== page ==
Amid speculation about whether President Trump will bring up his impeachment during the State of the Union address, White House deputy press secretary Hogan Gidley said on Tuesday that “the word 'impeachment' is not in the speech."
Though Gidley said that he did not see “impeachment” in the prepared text of the speech, he seemed to not rule out the possibility of Trump mentioning it.
"We'll see what happens," he told host Harris Faulkner on “Outnumbered Overtime.”
“We look forward to that [acquittal] vote tomorrow in getting [impeachment] all past us because the American people just deserve better than the partisanship of the Democrats putting their own personal political desires above the needs of the American people,” he said.
Furthermore, Gidley said to “expect a forward-looking speech,” touting Trump’s accomplishments such as tax cuts, unemployment, deregulation, the influx of manufacturing jobs and strengthening the military.
Two former presidential speechwriters have said that Trump should avoid mentioning the ongoing Senate impeachment trial in his State of the Union address to Congress tonight.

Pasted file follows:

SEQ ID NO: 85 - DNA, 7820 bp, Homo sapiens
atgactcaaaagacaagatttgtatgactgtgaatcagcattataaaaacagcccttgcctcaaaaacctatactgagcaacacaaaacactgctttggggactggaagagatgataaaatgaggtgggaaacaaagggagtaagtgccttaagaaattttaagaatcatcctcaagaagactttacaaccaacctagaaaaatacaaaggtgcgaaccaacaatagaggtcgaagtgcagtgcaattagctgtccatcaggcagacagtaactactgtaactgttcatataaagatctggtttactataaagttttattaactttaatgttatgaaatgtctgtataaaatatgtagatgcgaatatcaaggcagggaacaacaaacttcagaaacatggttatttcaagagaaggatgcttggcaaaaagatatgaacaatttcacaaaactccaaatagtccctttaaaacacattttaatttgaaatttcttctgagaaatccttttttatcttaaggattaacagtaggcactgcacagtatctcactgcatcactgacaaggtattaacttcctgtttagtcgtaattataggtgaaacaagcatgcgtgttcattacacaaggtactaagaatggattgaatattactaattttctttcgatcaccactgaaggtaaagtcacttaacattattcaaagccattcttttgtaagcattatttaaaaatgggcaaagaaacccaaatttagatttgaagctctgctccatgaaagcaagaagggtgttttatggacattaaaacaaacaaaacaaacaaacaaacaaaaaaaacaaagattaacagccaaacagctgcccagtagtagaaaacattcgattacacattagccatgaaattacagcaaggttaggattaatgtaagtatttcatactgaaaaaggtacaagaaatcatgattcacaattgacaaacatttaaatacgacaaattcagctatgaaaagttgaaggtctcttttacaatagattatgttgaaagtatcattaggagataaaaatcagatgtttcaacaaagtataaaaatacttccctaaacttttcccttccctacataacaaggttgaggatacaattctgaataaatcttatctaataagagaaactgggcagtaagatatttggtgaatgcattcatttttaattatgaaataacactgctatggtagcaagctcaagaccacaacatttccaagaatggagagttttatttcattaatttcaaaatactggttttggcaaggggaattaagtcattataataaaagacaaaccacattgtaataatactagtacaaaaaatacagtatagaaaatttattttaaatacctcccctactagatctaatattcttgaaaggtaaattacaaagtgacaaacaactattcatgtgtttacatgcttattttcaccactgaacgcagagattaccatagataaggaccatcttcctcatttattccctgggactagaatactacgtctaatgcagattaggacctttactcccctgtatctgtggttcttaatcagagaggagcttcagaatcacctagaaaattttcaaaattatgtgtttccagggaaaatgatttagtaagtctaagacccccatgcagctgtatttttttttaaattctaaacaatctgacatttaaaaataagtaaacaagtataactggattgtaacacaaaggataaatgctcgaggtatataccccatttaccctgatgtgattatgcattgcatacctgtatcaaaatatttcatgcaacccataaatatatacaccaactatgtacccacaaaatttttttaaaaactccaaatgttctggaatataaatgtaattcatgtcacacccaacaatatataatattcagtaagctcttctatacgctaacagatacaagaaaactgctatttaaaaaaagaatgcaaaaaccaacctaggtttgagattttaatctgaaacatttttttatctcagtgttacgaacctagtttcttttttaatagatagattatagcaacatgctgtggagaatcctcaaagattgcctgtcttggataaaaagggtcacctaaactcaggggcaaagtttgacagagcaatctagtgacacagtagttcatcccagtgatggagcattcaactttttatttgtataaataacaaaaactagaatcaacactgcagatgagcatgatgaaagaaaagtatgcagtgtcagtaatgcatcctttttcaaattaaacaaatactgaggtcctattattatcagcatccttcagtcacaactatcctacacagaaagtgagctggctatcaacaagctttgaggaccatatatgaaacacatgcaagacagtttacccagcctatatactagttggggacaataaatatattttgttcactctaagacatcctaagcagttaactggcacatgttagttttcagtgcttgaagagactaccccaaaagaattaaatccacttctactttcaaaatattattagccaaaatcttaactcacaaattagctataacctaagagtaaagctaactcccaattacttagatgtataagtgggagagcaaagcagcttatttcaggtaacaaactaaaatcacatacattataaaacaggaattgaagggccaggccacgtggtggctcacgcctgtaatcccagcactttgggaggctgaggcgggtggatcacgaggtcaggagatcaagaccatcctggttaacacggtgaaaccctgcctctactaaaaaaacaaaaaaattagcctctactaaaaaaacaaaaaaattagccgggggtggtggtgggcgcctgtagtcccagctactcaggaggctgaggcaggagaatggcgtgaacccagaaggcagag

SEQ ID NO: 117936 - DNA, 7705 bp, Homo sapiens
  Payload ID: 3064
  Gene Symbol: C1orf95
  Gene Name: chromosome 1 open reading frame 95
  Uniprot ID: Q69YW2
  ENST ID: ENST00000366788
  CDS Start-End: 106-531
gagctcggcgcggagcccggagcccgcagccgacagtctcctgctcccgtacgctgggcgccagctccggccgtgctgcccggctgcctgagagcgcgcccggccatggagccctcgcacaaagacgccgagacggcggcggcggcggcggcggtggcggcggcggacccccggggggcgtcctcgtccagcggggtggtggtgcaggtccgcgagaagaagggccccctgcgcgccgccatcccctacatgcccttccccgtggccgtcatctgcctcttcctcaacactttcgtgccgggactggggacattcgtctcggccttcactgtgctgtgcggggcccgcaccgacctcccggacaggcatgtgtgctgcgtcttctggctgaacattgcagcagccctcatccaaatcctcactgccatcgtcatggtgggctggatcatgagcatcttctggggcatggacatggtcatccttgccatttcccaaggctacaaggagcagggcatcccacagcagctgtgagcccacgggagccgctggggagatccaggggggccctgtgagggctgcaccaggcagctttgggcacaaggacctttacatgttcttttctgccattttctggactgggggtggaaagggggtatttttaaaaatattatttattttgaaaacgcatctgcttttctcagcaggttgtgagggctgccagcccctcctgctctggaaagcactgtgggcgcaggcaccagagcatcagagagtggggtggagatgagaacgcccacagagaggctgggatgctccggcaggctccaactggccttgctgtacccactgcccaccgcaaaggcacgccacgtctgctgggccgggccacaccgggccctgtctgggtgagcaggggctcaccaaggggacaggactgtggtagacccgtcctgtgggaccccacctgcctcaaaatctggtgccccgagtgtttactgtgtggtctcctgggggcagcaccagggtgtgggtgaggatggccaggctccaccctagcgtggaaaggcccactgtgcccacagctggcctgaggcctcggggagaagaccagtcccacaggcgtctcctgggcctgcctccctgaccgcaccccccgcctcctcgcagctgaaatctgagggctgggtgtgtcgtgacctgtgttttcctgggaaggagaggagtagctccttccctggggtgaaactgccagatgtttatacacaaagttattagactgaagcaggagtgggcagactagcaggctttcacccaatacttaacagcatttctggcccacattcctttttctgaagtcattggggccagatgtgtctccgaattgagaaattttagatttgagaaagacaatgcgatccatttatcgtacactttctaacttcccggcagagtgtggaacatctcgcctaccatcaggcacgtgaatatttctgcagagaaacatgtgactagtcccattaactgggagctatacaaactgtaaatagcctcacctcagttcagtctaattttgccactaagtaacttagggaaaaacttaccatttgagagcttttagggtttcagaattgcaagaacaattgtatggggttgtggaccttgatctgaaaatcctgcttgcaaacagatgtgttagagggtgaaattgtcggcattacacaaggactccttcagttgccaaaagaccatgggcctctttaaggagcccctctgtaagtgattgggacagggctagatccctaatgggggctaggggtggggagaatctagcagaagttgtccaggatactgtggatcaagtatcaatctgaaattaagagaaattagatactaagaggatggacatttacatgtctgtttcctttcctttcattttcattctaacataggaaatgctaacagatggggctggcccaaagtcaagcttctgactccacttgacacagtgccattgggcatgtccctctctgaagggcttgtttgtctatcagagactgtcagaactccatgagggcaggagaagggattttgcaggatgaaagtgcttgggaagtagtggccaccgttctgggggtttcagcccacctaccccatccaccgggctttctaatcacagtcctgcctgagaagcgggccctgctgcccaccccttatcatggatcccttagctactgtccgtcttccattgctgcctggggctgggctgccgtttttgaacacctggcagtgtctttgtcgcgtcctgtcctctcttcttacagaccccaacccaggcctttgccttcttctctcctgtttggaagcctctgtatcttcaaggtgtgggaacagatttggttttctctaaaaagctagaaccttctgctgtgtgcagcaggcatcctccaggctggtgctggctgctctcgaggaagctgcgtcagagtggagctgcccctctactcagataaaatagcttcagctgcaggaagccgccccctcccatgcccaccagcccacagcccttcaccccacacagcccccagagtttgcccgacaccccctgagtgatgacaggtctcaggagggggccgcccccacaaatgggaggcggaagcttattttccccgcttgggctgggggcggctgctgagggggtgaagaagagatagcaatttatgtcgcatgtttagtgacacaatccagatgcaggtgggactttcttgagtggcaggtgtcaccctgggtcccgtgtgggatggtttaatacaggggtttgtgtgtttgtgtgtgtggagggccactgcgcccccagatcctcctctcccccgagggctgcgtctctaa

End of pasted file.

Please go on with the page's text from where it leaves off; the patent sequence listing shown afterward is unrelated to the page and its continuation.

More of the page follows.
Jeff Shesol, who helped President Bill Clinton write his State of the Union speech during the impeachment trial of 1999, told "The Fox News Rundown" podcast that a mention of the trial by the president would be "highly inflammatory."
"I would imagine that anything that he would say about it would certainly delight his base, but it might well offend the majority of the American public," Shesol told host Dave Anthony. "And any hints of gloating or pleasure [at] the inevitable outcome that might be happening 24 hours later, I think would be a destructive thing for him to do."
Wall Street Journal editorial board member and Fox News contributor Bill McGurn, a former chief speechwriter for President George W. Bush, agreed.
"I don't think he's going to address it just from what's coming out of the White House," McGurn said. "And I think he'd be smart not to suggest that the vote is the next day. It's kind of a wink. Everyone will know he's won."
Gidley said the speech is about the "great American comeback" under the Trump economy compared to the Obama years.